Christopher Sky, Vastness (Aagoo) Given Sky’s (aka Christopher Garcia) ambient tendencies, the expected comparisons are extant: Christian Fennesz, Tim Hecker, William Basinski, Kompakt’s Gas (Wolfgang Voigt), Ryuichi Sakamoto, and Eno as the granddaddy of ‘em all. Except that Erik Satie’s name also surfaces; the recurring use of electric piano establishes this as more than casual namedropping. Indeed, there’s a prettiness to a few of the selections here that’s lacking in some of the abovementioned stuff, and yet it’s just an aspect. And while a lot of music in this style blends into one big thing, there’s notable differentiation between tracks here, which underscores Sky’s range, both stylistically and in terms of mood. I like that. Available in a handsome edition of 75 copies, on bone-colored vinyl. A-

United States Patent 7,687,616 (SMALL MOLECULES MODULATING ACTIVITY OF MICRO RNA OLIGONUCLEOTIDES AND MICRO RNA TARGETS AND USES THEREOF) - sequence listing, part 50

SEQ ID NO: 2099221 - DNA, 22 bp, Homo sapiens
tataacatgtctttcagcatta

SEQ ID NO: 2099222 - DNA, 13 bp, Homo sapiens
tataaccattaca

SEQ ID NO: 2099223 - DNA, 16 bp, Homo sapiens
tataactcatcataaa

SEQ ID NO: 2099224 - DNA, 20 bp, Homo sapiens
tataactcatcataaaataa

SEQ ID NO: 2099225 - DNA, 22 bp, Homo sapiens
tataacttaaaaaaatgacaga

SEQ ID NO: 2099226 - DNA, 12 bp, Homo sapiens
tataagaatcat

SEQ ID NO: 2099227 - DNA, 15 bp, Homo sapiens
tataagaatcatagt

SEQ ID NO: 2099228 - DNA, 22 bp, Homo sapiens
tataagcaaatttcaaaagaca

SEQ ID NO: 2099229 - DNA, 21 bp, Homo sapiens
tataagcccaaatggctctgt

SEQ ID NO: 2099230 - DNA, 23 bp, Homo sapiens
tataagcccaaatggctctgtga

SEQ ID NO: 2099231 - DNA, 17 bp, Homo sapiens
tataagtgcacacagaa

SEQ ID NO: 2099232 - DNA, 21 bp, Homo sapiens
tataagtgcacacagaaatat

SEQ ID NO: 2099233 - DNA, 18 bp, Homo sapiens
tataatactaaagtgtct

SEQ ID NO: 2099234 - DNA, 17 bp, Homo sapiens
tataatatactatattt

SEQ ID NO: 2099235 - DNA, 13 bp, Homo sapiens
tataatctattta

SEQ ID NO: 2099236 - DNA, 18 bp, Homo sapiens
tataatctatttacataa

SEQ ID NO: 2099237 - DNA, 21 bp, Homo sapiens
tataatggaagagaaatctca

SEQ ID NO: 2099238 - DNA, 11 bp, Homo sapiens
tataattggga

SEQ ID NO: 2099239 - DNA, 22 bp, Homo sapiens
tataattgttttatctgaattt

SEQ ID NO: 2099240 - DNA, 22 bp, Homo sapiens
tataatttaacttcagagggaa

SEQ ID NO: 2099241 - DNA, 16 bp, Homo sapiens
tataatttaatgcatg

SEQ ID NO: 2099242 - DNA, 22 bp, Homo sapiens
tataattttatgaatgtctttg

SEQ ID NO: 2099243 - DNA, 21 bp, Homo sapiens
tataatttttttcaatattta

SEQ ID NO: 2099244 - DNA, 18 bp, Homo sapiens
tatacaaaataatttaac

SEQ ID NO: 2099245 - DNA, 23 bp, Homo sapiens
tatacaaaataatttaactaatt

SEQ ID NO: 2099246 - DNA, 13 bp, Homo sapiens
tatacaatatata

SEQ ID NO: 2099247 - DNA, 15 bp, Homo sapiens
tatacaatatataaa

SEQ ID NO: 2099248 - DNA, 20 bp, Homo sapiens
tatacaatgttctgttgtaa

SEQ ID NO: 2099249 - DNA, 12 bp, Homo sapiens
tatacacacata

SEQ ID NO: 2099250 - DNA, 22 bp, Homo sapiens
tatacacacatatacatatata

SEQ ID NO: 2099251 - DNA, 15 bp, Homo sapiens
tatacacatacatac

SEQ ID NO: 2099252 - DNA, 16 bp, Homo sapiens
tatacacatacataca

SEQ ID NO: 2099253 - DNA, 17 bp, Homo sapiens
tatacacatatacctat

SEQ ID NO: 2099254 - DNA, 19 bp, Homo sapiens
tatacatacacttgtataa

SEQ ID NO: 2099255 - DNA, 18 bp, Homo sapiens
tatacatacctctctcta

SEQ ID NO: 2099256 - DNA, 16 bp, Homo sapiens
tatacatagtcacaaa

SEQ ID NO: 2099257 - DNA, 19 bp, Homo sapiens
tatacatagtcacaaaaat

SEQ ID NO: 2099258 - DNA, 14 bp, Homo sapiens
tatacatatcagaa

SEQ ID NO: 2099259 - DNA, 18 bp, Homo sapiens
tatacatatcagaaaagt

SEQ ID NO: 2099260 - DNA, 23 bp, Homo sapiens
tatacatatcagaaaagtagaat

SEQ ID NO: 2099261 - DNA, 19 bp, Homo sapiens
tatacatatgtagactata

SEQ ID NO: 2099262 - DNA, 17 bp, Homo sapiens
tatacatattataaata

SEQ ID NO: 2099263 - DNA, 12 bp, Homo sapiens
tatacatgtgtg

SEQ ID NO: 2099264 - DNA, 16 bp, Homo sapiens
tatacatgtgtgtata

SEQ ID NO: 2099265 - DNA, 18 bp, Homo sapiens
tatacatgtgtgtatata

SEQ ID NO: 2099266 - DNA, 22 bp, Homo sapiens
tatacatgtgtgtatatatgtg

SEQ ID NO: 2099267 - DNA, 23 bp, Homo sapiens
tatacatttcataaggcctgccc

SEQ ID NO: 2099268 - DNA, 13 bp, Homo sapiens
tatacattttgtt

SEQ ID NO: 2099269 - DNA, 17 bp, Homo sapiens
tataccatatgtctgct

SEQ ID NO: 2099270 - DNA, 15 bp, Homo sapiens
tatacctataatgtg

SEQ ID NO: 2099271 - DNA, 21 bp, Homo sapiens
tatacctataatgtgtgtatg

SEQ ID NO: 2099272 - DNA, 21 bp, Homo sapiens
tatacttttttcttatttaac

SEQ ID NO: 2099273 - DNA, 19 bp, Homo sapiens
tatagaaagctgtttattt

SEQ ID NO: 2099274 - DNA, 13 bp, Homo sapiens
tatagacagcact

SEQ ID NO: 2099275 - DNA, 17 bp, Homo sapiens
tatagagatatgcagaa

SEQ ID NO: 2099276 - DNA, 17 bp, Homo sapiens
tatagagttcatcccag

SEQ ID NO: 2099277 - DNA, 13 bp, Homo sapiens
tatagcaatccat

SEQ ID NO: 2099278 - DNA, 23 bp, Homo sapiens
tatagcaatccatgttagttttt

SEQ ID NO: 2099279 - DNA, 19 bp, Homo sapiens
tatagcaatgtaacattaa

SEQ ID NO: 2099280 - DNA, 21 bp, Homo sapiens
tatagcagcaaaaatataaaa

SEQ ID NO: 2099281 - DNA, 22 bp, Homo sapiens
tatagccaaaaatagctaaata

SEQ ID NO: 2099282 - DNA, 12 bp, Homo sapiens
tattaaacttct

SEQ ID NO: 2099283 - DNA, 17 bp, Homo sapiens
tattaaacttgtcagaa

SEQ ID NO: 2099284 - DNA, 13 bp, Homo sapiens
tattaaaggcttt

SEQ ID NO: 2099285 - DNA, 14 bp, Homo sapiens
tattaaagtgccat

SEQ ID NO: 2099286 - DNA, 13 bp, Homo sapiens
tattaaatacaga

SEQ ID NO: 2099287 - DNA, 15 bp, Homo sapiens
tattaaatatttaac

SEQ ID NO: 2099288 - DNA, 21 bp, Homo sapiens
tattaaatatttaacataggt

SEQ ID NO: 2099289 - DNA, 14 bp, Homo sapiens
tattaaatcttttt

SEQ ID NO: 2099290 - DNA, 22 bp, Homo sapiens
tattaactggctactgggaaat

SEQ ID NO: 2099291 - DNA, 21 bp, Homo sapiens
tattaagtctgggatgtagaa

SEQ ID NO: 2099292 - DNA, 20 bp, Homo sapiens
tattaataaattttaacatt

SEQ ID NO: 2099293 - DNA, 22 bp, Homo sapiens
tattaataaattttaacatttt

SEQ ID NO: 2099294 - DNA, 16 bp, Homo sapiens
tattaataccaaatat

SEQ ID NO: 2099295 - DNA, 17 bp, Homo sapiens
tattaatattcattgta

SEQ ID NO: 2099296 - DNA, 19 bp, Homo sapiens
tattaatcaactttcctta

V/A, Unusual Sounds (Anthology Recordings) Library music is a genre that is often interesting but too seldom the sort of thing I seek out for repeated play. Maybe I’ve just been listening to the wrong stuff. Leave it to Anthology to reinforce this supposition. A 2LP companion to the David Hollander-curated book Unusual Sounds: The Hidden History of Library Music, this begins with “Funky Fanfare” by Keith Mansfield, which was instantly familiar to me through its use in the retro Feature Presentation bumper in Rodriguez and Tarantino’s Grindhouse (and for a while hence at Alamo Drafthouse cinemas), nothing else was, and it didn’t take long for the selections to live up to the record’s title. Keep in mind that unusual does not necessarily equate to weird, but some of the best stuff here does. A definite keeper. A-